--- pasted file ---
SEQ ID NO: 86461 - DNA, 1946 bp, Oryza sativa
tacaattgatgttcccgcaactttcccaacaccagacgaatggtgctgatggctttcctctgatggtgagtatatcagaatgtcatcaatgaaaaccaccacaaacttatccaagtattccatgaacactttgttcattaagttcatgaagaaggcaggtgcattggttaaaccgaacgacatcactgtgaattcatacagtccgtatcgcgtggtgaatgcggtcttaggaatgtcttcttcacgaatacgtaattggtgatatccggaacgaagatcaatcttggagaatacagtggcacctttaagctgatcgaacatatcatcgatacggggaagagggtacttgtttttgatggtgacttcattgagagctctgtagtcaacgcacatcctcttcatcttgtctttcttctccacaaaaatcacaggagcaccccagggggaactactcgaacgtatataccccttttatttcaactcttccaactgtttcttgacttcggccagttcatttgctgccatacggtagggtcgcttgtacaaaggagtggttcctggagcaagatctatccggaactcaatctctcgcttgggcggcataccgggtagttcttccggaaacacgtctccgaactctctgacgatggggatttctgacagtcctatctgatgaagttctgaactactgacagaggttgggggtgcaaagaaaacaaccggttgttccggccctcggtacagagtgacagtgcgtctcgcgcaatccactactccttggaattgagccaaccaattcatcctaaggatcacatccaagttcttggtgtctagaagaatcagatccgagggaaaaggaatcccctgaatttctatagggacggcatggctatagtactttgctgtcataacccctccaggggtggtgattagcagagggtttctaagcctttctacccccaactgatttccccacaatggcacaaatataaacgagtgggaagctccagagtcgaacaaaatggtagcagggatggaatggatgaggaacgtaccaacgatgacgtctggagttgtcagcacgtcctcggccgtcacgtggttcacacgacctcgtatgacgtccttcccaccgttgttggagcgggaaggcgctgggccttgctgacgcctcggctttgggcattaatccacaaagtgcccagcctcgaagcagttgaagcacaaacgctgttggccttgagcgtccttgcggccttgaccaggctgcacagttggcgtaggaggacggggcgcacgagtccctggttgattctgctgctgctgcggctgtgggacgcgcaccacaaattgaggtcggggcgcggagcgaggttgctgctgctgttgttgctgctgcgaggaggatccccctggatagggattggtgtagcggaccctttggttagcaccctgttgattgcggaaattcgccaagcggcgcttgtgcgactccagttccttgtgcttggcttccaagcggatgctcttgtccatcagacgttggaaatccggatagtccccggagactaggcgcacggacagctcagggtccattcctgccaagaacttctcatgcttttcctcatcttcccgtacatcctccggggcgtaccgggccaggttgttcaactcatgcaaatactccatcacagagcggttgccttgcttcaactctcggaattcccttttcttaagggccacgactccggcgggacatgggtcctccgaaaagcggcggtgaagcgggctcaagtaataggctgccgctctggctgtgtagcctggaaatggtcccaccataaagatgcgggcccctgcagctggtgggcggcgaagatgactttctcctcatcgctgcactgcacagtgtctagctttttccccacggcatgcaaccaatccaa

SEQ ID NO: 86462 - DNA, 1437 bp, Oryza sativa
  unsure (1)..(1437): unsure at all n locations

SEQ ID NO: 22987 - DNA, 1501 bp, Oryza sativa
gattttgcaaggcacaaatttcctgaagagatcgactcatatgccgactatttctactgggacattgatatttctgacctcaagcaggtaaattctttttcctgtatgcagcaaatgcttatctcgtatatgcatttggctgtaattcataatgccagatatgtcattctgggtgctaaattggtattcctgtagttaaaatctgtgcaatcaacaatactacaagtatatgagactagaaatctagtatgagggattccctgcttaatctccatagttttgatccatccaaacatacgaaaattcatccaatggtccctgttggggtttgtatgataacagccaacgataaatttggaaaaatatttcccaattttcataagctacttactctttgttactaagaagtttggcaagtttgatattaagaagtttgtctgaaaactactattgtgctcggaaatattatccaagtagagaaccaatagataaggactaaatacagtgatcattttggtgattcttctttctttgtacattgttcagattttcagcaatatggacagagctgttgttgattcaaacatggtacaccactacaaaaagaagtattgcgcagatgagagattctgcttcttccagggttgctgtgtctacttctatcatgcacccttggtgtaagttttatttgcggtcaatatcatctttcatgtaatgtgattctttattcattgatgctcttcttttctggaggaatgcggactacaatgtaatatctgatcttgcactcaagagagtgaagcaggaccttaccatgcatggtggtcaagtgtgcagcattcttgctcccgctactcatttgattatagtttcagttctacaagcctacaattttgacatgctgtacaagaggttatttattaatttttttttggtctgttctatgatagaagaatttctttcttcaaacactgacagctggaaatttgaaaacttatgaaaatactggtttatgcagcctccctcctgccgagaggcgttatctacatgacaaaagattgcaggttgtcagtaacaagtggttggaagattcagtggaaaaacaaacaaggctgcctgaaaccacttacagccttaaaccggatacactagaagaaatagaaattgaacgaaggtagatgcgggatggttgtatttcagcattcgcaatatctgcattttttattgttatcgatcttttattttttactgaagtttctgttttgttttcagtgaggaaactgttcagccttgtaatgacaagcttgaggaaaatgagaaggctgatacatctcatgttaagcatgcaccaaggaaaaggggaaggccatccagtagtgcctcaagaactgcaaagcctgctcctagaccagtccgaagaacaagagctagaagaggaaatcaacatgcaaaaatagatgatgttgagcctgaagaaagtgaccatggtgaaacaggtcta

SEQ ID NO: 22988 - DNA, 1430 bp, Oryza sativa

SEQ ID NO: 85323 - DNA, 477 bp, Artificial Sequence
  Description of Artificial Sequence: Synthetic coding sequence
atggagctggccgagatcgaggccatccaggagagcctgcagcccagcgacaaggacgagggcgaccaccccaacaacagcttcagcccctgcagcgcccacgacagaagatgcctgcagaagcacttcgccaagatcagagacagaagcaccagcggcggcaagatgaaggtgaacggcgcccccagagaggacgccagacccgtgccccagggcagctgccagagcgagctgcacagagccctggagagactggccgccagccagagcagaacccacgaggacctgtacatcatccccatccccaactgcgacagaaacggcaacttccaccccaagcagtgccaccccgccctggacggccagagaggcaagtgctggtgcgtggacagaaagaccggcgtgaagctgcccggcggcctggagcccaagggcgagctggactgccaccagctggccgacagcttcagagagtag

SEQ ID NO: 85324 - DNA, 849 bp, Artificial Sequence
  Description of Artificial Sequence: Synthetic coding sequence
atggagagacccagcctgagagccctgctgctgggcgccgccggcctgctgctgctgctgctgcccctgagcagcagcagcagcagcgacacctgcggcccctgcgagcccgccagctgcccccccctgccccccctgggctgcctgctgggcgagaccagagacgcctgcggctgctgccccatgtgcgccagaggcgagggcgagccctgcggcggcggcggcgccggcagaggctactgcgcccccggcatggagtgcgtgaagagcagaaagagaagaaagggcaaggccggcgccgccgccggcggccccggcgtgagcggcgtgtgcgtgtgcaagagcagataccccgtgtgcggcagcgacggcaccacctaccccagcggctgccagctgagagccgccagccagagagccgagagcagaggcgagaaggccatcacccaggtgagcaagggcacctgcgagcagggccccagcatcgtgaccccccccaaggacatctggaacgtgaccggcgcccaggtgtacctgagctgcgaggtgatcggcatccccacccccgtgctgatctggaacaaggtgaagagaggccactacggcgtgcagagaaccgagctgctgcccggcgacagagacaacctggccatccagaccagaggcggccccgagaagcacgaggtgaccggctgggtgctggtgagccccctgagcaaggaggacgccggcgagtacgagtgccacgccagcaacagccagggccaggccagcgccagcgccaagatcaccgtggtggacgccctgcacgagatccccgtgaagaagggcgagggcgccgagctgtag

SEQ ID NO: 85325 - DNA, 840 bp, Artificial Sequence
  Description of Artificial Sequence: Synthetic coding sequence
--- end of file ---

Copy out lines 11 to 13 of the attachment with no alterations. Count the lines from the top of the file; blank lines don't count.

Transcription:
SEQ ID NO: 85324 - DNA, 849 bp, Artificial Sequence
  Description of Artificial Sequence: Synthetic coding sequence
atggagagacccagcctgagagccctgctgctgggcgccgccggcctgctgctgctgctgctgcccctgagcagcagcagcagcagcgacacctgcggcccctgcgagcccgccagctgcccccccctgccccccctgggctgcctgctgggcgagaccagagacgcctgcggctgctgccccatgtgcgccagaggcgagggcgagccctgcggcggcggcggcgccggcagaggctactgcgcccccggcatggagtgcgtgaagagcagaaagagaagaaagggcaaggccggcgccgccgccggcggccccggcgtgagcggcgtgtgcgtgtgcaagagcagataccccgtgtgcggcagcgacggcaccacctaccccagcggctgccagctgagagccgccagccagagagccgagagcagaggcgagaaggccatcacccaggtgagcaagggcacctgcgagcagggccccagcatcgtgaccccccccaaggacatctggaacgtgaccggcgcccaggtgtacctgagctgcgaggtgatcggcatccccacccccgtgctgatctggaacaaggtgaagagaggccactacggcgtgcagagaaccgagctgctgcccggcgacagagacaacctggccatccagaccagaggcggccccgagaagcacgaggtgaccggctgggtgctggtgagccccctgagcaaggaggacgccggcgagtacgagtgccacgccagcaacagccagggccaggccagcgccagcgccaagatcaccgtggtggacgccctgcacgagatccccgtgaagaagggcgagggcgccgagctgtag